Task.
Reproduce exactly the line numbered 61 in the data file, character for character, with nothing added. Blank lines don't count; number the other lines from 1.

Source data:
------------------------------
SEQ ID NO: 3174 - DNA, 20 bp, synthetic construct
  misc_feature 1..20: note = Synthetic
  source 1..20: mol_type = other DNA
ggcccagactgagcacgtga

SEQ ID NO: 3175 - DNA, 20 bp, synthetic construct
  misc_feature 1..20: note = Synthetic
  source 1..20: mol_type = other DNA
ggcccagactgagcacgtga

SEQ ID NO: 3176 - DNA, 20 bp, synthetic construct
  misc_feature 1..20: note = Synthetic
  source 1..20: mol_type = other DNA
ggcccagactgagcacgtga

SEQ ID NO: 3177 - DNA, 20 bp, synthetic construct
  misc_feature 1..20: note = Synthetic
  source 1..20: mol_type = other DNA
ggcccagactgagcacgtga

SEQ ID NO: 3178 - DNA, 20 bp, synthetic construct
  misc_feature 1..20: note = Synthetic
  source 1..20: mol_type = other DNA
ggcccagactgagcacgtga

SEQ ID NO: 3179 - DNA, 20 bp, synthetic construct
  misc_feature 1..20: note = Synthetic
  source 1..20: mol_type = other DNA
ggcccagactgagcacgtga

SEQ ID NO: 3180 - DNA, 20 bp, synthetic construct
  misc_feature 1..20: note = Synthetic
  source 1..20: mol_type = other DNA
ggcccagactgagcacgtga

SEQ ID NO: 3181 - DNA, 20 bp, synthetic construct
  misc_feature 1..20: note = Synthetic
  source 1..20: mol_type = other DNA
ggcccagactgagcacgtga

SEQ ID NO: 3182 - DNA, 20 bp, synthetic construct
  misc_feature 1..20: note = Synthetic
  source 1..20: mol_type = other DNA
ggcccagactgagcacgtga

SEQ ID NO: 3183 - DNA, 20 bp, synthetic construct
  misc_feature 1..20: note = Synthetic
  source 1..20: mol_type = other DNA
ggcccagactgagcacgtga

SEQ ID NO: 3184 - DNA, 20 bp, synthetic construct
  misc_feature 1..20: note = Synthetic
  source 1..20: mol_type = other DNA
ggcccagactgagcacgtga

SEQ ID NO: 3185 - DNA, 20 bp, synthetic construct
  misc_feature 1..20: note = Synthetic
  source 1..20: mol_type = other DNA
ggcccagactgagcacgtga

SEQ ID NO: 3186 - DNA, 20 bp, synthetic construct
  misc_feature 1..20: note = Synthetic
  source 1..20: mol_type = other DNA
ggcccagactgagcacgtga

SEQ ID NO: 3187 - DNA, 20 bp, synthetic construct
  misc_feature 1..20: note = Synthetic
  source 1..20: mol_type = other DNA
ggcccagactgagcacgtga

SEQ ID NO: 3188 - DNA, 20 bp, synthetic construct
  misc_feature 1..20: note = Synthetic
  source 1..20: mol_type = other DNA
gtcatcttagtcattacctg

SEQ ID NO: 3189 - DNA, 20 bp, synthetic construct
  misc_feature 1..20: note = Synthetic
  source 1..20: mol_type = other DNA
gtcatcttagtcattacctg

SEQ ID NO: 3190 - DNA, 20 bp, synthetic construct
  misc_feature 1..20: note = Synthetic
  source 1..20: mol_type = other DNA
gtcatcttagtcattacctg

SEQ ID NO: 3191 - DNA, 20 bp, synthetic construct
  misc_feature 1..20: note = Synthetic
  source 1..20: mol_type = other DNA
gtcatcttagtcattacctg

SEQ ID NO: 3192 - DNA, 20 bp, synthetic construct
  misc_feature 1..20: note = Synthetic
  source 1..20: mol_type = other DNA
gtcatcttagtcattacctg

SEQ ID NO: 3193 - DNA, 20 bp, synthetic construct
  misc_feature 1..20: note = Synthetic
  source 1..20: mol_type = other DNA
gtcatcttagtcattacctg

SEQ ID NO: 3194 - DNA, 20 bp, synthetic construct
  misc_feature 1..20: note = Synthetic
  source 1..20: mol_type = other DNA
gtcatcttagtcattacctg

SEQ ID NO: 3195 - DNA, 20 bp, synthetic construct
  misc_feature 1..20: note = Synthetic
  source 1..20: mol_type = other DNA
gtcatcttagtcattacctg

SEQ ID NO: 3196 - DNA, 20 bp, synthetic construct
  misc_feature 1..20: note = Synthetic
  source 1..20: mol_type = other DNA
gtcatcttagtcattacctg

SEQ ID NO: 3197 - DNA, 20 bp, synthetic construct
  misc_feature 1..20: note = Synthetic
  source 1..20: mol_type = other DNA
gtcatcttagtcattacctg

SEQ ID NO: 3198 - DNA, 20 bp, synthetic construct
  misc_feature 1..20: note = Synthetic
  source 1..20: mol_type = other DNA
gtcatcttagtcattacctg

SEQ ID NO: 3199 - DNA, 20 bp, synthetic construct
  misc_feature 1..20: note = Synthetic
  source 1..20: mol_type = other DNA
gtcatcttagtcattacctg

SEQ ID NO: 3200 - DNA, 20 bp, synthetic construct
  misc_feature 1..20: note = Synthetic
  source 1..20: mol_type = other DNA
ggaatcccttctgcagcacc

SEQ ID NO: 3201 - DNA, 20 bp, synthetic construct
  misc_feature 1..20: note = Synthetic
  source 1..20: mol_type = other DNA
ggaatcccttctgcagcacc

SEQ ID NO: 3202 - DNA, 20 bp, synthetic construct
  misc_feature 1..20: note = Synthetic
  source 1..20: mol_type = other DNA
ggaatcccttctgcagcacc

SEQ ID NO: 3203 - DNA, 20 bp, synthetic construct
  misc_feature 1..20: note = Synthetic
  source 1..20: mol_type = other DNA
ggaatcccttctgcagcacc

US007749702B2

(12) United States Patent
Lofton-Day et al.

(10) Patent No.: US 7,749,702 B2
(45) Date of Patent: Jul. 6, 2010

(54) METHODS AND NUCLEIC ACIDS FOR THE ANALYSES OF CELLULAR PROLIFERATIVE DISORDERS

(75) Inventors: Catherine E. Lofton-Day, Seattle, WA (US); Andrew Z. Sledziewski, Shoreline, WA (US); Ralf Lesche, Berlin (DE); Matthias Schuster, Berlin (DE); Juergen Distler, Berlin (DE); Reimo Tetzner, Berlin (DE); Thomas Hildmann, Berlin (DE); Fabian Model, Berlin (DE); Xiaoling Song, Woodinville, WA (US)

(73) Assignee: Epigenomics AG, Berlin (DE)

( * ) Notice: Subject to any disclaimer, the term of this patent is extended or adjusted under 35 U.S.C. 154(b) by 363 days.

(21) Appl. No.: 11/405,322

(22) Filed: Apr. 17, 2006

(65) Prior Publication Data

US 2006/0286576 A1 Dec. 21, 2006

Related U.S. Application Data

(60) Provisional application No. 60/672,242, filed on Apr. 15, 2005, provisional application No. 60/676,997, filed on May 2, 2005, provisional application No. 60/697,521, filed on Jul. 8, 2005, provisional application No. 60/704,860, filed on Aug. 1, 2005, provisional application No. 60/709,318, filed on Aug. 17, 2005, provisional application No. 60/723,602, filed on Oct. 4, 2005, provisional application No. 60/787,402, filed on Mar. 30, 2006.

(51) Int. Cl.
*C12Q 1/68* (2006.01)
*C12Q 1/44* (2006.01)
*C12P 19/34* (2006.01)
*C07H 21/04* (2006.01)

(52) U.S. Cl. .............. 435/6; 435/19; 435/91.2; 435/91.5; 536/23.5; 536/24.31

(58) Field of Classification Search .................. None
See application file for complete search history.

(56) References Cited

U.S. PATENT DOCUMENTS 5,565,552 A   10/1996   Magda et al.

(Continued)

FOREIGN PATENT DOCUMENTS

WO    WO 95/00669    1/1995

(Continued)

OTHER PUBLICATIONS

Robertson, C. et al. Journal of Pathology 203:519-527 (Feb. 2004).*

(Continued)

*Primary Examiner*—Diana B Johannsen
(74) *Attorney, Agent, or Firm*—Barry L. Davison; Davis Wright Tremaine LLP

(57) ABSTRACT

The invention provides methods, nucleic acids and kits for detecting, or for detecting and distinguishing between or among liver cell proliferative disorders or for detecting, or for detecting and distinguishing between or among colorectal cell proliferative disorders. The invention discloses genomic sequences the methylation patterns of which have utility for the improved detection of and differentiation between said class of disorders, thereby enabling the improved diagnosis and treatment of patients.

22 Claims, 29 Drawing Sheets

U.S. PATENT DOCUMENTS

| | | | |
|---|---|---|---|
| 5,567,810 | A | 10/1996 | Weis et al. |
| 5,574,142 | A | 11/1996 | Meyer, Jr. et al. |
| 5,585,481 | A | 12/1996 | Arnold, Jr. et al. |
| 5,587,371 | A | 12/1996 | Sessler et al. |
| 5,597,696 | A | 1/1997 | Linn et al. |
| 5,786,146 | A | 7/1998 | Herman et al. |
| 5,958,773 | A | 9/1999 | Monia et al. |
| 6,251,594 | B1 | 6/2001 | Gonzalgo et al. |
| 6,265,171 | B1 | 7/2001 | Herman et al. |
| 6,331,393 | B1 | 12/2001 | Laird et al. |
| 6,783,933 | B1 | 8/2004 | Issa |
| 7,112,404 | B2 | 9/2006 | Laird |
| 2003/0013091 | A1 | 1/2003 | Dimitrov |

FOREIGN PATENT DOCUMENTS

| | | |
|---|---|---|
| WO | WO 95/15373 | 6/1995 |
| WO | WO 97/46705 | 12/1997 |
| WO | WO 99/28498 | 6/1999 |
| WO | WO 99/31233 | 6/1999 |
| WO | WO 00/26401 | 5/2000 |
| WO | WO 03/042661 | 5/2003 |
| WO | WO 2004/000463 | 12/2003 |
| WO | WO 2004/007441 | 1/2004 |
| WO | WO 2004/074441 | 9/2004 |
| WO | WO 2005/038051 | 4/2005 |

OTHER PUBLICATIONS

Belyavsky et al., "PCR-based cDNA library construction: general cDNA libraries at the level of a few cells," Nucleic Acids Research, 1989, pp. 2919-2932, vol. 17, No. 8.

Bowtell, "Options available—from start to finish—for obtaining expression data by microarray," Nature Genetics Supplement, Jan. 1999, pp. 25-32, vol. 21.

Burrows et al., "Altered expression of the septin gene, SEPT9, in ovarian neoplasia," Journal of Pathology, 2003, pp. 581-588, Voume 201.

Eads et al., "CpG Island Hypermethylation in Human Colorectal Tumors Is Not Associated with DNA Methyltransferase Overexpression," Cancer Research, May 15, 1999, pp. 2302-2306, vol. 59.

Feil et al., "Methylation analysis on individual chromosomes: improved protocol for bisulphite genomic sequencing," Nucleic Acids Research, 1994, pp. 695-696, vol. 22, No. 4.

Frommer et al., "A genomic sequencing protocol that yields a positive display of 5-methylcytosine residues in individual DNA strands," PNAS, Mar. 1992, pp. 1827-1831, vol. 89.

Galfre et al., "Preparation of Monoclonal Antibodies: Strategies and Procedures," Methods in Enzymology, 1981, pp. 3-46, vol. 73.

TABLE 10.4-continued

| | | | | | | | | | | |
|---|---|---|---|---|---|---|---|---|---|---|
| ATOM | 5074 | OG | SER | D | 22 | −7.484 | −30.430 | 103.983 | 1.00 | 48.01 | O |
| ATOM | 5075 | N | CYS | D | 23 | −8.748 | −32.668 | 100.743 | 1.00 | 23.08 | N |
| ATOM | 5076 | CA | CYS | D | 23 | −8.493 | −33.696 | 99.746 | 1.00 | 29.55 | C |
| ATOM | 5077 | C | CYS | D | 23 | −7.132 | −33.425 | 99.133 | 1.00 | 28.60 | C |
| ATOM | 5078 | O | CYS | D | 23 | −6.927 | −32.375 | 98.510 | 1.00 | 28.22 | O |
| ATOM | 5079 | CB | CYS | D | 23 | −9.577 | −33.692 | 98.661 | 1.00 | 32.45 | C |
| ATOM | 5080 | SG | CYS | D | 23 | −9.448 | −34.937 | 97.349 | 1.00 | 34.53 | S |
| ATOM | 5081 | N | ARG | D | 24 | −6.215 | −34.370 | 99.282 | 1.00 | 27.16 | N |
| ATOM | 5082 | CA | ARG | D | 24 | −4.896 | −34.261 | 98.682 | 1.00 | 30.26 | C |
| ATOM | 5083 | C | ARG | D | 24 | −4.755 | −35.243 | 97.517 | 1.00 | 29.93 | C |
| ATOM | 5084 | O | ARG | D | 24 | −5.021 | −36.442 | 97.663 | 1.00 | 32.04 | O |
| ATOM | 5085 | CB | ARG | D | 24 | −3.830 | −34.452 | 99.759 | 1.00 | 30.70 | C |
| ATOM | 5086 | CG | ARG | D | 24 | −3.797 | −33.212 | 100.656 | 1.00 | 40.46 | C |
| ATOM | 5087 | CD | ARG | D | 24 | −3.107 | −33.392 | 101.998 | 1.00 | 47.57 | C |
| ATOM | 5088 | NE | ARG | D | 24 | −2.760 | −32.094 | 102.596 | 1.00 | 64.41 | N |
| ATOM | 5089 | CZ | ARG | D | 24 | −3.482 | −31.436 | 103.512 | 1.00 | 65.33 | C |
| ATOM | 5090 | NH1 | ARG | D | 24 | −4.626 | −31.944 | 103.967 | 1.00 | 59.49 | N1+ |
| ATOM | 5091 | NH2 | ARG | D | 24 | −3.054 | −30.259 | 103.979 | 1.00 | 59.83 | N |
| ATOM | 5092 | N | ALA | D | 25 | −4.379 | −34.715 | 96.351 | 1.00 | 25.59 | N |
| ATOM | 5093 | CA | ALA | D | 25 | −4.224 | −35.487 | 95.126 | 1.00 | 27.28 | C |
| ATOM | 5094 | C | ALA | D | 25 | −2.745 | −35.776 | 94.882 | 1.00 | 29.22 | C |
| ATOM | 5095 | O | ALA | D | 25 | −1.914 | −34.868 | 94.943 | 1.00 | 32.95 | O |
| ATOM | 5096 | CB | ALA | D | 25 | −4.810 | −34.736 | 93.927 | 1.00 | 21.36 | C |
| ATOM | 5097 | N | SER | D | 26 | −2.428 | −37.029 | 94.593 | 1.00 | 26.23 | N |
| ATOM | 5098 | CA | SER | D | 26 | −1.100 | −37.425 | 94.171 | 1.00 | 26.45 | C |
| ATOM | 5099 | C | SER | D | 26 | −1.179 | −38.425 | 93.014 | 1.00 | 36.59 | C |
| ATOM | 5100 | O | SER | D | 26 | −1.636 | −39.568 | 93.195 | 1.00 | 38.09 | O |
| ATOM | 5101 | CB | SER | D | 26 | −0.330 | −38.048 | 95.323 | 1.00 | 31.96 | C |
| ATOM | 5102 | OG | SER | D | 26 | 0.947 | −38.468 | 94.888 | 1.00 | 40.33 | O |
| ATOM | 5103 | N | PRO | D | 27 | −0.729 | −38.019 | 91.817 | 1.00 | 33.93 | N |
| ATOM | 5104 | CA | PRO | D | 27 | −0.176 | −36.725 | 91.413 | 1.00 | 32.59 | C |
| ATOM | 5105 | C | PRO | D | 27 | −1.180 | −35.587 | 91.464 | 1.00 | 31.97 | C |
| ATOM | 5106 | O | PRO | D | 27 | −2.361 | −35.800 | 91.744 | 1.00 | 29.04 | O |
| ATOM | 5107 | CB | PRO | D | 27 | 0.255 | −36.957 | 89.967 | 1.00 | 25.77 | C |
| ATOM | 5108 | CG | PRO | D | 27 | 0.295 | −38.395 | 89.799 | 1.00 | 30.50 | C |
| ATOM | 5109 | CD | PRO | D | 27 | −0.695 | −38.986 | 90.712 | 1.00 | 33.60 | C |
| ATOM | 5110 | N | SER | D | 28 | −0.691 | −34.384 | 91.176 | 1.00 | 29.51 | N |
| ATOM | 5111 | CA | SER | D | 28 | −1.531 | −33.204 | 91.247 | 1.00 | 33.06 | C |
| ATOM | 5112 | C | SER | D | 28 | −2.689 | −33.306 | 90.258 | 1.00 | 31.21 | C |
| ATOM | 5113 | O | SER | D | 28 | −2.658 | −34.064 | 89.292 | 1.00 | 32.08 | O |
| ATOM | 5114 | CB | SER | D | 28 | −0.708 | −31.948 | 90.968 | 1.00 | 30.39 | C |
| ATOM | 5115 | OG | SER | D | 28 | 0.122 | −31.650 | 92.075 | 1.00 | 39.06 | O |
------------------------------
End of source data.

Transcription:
SEQ ID NO: 3189 - DNA, 20 bp, synthetic construct